What To Look At During A Chimney Inspection

The fireplace is often the centrepiece of a home. It’s where people gather, celebrate special occasions, and create memories. Unfortunately, fireplaces are a significant cause of house fires, especially if they are not maintained and regularly inspected. Knowing what to look at during a chimney inspection is a way to stay ahead of large-scale damage and safety issues that can arise when chimneys are not looked after.

Many people think if they don’t use their fireplace, they don’t need to have it inspected. According to the CSIA, Chimney Safety Institute of America, even unused fireplaces need to be inspected because a home’s chimney is a source by which other heating devices release toxic gases. If a chimney is clogged or filled with debris, these fumes can build up in the home, and that is not what anyone wants.

Why Get a Chimney Inspection in the First Place?

Creosote is the cause of most chimney fires, and this is the first thing a chimney inspector will check. If there is a creosote buildup in the chimney, it will look like a thick gummy substance, and this is simply a buildup of a byproduct of burning wood. Hiring a professional inspector is the best way to manage and prevent any creosote buildup. Creosote buildup is the main thing to look for during a chimney inspection.

Also, being mindful of which types of wood you burn in your fireplace is very important. Soft or green woods have resin in them that contribute to creosote buildup. There are most often two types of chimney inspections for homeowners to choose between, referred to as Level One and Level Two.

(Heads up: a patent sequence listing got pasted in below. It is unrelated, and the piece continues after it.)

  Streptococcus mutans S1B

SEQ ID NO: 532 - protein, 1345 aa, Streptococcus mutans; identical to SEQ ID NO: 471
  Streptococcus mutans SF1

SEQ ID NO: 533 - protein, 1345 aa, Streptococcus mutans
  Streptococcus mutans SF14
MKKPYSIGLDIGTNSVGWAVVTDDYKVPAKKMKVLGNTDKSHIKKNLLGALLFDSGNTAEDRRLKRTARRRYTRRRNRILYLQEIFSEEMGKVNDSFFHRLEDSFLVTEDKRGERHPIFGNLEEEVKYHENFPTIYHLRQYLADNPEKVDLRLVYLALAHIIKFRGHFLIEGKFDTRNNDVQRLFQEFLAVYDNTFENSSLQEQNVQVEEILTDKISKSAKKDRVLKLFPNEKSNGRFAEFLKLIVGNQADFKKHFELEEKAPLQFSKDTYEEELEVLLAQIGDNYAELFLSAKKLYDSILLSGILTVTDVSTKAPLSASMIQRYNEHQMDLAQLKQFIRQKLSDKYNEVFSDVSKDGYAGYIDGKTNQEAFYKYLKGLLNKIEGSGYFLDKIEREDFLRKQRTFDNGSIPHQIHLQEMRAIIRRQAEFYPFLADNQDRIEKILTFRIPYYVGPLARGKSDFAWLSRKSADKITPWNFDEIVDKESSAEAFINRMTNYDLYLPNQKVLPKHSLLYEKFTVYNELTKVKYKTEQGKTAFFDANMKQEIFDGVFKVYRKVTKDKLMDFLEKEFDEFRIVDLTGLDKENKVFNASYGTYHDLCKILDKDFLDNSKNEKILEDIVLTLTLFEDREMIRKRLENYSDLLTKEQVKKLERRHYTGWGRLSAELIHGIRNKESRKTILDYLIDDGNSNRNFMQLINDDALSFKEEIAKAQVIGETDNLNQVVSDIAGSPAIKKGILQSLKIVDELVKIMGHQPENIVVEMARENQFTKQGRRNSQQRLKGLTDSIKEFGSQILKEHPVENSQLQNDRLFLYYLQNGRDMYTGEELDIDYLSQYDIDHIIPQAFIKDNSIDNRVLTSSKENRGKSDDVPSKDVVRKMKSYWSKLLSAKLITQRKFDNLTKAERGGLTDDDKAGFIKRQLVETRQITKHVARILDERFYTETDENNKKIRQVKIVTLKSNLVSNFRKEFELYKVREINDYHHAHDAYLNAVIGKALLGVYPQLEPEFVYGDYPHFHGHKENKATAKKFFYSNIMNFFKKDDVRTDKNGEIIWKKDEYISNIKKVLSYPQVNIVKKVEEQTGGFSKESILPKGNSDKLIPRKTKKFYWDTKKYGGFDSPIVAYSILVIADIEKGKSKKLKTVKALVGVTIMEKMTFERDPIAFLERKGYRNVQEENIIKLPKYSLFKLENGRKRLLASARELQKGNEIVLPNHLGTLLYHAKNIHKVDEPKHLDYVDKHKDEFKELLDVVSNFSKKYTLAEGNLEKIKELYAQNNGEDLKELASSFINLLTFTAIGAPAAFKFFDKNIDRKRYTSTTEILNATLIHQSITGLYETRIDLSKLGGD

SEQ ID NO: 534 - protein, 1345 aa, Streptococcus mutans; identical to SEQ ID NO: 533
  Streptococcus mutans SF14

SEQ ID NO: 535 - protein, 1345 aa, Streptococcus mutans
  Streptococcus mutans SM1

Level One Chimney Inspections

When an inspector conducts a level one inspection, it takes around an hour, and they are mainly inspecting the accessible chimney components, such as the firebox size and the stove clearance. This type of examination will reveal if there is the need for a chimney sweep or not.

A chimney sweep is effective when there is debris blocking the air ducts or a significant creosote buildup. Critters like birds and squirrels are also known to set up camp in chimneys, and this can contribute to a chimney being clogged. Trapped debris is one of the main causes of house fires and can result in the trapping of harmful gases such as carbon monoxide inside the home. The chimney cap – the tool that fits over the flue to protect it from debris and water – is also something that should be inspected.

Level Two Chimney Inspections

Level two chimney inspections are recommended to new home owners or for people who haven’t formerly had a level one inspection done. This is a worthy investment as the inspection will ensure that the fireplace is safe and functioning, and if not, any potential issues will be remedied before they cause major damage or pose any health risks to the home’s inhabitants. During a level two, a chimney sweep will get on top of the roof, clean out the chimney, and take additional measurements to monitor the distance between the chimney and any other combustibles.

When it comes to wood-burning fireplaces, there are few things that bring more warmth and charm to a home. They do, however, have to be cared for and maintained property to ensure their safe operation. A chimney inspection can point out problems and remedy them before they cause large-scale damage, or even worse, endanger the home’s inhabitants. Regarding what to look at during a chimney inspection, a professional chimney inspector will look for creosote buildup, debris that is clogging the chimney, and take measurements to confirm whether or not the chimney’s proximities to any other combustibles is problematic.

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